With news of grown men resorting to bullying on the Florida Gators campus, the ProFootballTalk.com story of Tim Tebow annoying fellow players with a prayer request seems to have slipped through the cracks.
While at the NFL Scouting Combine preparing to take the Wonderlic test, Tebow – an openly religious player – allegedly asked his fellow NFL hopefuls to join him in prayer before the exam. Said one of the players in response to the request:
“Shut the f—k up.”
Other players in the room laughed at the comment.
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To be fair, Tebow came out the day after the initial story broke and vehemently denied it. He said he heard no such comment made by anyone in the room. However, ProFootballTalk.com’s source for the incident sticks to their story.
Tim Tebow has never been shy regarding his faith. During his collegiate career he publicly displayed his devotion to God with biblical passages written on his face. His time in Florida included a public proclamation of his abstinence until marriage and rejection of a Playboy affiliated event. He is a proponent of praying in the locker room, not because he wishes to force his ideology on others but simply because he wants the opportunity to pray.
The problem seems to arise when religious players want to spread their faith to others. Nobody – at least publicly – would bash Tebow’s devotion to his religion as long as he is not asking fellow NFL hopefuls or teammates to share in a prayer session with him.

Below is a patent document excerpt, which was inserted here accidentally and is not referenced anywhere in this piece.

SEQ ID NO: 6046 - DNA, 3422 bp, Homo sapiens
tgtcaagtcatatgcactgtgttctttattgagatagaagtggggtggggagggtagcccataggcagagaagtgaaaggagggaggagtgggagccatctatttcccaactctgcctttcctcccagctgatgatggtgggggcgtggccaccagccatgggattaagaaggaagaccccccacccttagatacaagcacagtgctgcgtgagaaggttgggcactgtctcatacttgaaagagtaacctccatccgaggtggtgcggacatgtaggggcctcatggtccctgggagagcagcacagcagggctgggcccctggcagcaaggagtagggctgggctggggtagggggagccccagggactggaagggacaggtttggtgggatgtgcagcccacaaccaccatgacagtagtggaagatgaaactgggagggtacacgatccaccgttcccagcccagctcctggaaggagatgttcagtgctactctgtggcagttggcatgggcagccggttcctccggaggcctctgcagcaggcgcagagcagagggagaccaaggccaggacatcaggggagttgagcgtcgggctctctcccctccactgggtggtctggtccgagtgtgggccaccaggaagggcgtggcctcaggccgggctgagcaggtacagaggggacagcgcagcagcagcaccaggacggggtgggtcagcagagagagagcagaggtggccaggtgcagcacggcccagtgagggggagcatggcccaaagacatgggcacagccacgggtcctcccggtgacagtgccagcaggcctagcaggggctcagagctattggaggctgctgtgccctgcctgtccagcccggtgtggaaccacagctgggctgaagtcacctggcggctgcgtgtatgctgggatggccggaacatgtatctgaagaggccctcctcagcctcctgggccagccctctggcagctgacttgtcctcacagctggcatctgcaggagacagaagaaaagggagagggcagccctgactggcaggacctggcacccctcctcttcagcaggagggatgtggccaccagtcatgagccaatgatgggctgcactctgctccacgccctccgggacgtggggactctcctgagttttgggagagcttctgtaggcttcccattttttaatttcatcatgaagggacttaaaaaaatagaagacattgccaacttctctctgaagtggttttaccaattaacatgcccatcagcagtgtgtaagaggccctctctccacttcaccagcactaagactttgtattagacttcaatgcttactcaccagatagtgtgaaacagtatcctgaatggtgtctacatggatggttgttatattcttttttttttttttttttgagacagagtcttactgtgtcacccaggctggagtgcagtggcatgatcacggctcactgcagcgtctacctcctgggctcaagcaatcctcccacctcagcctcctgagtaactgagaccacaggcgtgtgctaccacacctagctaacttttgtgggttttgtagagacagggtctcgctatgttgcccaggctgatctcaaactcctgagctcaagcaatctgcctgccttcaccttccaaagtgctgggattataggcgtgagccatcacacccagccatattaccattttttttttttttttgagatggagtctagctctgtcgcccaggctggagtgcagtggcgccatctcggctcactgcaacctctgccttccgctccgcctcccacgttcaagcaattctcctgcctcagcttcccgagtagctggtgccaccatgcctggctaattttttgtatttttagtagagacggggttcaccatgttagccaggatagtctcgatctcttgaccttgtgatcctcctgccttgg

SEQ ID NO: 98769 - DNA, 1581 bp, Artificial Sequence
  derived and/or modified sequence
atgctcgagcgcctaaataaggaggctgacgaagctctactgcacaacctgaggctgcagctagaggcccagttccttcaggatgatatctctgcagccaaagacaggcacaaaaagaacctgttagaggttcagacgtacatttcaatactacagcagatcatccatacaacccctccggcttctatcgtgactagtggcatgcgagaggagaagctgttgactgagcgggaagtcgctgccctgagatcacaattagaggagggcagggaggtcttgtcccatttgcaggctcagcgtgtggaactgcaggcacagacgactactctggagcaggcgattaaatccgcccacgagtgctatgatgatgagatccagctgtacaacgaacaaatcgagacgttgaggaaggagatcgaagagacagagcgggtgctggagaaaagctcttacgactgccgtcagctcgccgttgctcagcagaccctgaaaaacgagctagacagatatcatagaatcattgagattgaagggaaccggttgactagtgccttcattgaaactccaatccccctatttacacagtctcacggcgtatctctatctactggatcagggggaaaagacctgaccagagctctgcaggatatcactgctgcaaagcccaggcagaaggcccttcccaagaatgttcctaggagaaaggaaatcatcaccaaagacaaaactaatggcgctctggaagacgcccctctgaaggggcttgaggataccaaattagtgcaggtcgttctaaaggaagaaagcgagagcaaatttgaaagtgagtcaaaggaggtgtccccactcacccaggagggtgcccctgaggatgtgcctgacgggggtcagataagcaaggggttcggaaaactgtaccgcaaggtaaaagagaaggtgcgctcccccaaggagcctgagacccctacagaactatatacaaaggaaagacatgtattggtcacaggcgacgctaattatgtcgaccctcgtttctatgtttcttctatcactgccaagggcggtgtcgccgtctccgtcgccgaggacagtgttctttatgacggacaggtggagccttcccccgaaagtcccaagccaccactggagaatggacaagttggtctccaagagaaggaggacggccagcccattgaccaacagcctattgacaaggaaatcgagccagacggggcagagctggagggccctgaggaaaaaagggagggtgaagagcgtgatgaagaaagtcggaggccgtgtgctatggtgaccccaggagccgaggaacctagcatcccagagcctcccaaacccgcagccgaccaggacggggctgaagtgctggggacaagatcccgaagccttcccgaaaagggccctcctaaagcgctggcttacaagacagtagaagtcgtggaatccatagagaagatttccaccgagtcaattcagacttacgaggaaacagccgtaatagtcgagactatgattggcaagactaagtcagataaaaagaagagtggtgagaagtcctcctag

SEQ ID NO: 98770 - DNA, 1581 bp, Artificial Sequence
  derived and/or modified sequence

The quick way to start up a media and fan firestorm is to dismiss someone’s race, religion, age, gender, or sexual preference. As soon as any of these personal issues are brought up, particularly in the form of sharing them with others, the legal analysis of “free speech” immediately begins.
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Rather than bringing out the political pundits who can dissect what exactly our first amendment entitles us to, let’s try to examine both sides of the situation:
You’re a religious football player who wants to pray before a big event. Should you not be allowed to pray because you make others in the room uncomfortable? Is it right to let the comfort level of others in the room preside over your individual rights?
On the flip side, you’re now one of the other players in the locker room of a different faith. You are not deeply religious, and while you always have the option of denying a prayer request, you immediately feel like an outcast for doing so. You don’t want to be a bad teammate or a bad person, but your religious teammate is making it difficult for you to prepare for the game in a room where you are all supposed to respect each other. Are you wrong for not wanting to be exposed to your teammate’s prayer?
Which side of the debate are you on? Do you think prayer should be allowed in public team settings?